Maternal obesity and baseline vitamin D insufficiency alter the response to vitamin D supplementation: a double blind, randomized trial in pregnant women

Raghad Alhomaid, Maria S Mulhern, JJ Strain, Eamon Laird, Martin Healy, Michael J. Parker, M McCann

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Background The achievement of target 25-hydroxyvitamin D [25(OH)D] concentrations in pregnancy may be altered by maternal obesity. Objective The authors examined the effects of maternal supplementation of 10 μg compared with 20 μg vitamin D3/d on maternal and umbilical cord 25(OH)D. The secondary aim was to investigate the influence of maternal BMI (in kg/m2) on the response of the primary outcomes. Methods The authors performed a 2-arm parallel double-blind randomized trial with 240 pregnant women recruited throughout the year in Northern Ireland. Women were stratified by BMI to receive 10 or 20 µg vitamin D3/d from 12 gestational wk (GW) until delivery. Maternal blood samples collected at 12, 28, and 36 GW and from the umbilical cord were analyzed for total serum 25(OH)D. A total of 166 women completed the study. Results Mean ± SD 25(OH)D at 36 GW was 80.8 ± 28.2 compared with 94.4 ± 33.2 nmol/L (P < 0.001) (10 compared with 20 µg vitamin D3/d, respectively). In those classified with 25(OH)D <50 nmol/L at baseline and assigned 10 µg vitamin D3/d, mean 25(OH)D concentrations remained <50 nmol/L at 36 GW, whereas those <50 nmol/L at baseline and assigned 20 µg vitamin D3/d, had mean 25(OH)D concentrations ≥50 nmol/L at 28 and 36 GW. In women with obesity and 25(OH)D <50 nmol/L at baseline, the related mean umbilical cord 25(OH)D was deficient (<25 nmol/L) in both treatment groups, whereas those with obesity and 25(OH)D ≥50 nmol/L at baseline had an average umbilical cord 25(OH)D between 25 and 50 nmol/L in both treatment groups. Conclusions Supplementation of 20 µg vitamin D3/d is needed to attain maternal and umbilical cord 25(OH)D concentrations ≥50 nmol/L on average, in those who start pregnancy with low 25(OH)D concentrations (<50 nmol/L). Under current recommendations, women with obesity and low 25(OH)D in early pregnancy are particularly vulnerable to maintaining a low 25(OH)D concentration throughout pregnancy and having an infant born with deficient 25(OH)D concentrations. This trial was registered at as NCT02713009.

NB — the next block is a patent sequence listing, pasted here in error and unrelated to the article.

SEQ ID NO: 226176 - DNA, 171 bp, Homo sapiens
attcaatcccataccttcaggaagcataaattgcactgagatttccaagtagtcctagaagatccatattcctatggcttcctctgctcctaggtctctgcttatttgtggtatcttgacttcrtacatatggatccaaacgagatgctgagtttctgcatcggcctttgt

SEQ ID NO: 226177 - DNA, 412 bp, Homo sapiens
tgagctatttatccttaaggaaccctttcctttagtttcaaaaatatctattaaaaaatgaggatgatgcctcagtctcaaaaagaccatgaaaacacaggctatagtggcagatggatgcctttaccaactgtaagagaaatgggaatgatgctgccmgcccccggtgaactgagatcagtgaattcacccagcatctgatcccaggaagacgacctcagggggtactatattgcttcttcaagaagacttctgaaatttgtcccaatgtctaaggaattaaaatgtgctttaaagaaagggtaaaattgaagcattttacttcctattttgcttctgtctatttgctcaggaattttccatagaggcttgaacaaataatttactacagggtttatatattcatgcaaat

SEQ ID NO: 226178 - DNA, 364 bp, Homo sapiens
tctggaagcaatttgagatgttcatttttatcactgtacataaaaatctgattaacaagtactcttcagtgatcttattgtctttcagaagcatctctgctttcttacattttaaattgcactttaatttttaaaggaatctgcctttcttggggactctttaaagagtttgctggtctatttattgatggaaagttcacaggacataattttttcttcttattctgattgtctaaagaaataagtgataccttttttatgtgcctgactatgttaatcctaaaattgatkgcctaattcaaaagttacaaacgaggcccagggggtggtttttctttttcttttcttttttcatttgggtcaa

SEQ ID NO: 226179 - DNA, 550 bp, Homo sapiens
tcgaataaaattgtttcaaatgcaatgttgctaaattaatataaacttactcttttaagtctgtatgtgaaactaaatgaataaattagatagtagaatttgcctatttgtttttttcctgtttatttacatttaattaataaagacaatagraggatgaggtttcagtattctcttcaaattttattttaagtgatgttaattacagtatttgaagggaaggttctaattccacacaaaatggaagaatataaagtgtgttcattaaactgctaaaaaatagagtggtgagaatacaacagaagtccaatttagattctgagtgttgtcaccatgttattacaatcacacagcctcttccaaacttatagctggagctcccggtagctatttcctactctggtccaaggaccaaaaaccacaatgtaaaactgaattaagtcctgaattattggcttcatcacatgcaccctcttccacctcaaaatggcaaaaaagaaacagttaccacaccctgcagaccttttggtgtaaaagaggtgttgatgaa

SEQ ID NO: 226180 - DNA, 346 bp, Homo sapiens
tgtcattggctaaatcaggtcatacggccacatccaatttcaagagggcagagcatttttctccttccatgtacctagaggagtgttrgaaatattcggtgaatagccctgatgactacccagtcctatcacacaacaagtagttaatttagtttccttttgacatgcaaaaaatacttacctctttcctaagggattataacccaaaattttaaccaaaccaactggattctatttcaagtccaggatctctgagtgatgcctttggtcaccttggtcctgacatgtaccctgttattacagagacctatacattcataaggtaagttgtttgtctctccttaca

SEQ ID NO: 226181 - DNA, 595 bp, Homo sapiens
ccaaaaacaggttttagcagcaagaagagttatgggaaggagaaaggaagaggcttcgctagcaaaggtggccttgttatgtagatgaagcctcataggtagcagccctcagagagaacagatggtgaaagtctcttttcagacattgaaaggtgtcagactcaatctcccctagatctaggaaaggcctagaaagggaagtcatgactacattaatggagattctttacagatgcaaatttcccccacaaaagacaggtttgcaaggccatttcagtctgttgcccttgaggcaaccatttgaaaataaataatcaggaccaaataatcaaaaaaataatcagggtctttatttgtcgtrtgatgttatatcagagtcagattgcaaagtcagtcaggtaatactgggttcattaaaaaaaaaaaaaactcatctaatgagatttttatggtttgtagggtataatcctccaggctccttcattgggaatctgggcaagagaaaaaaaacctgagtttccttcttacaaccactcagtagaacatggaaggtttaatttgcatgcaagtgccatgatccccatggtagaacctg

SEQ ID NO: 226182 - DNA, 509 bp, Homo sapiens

Original languageEnglish
Article numbernqab112
JournalThe American Journal of Clinical Nutrition
Early online date8 May 2021
Publication statusE-pub ahead of print - 8 May 2021

Bibliographical note

© The Author(s) 2021. Published by Oxford University Press on behalf of the American Society for Nutrition.


  • Maternal obesity
  • Body weight
  • BMI
  • Pregnancy
  • 25(OH)D concentration
  • vitamin D
  • vitamin D requirements


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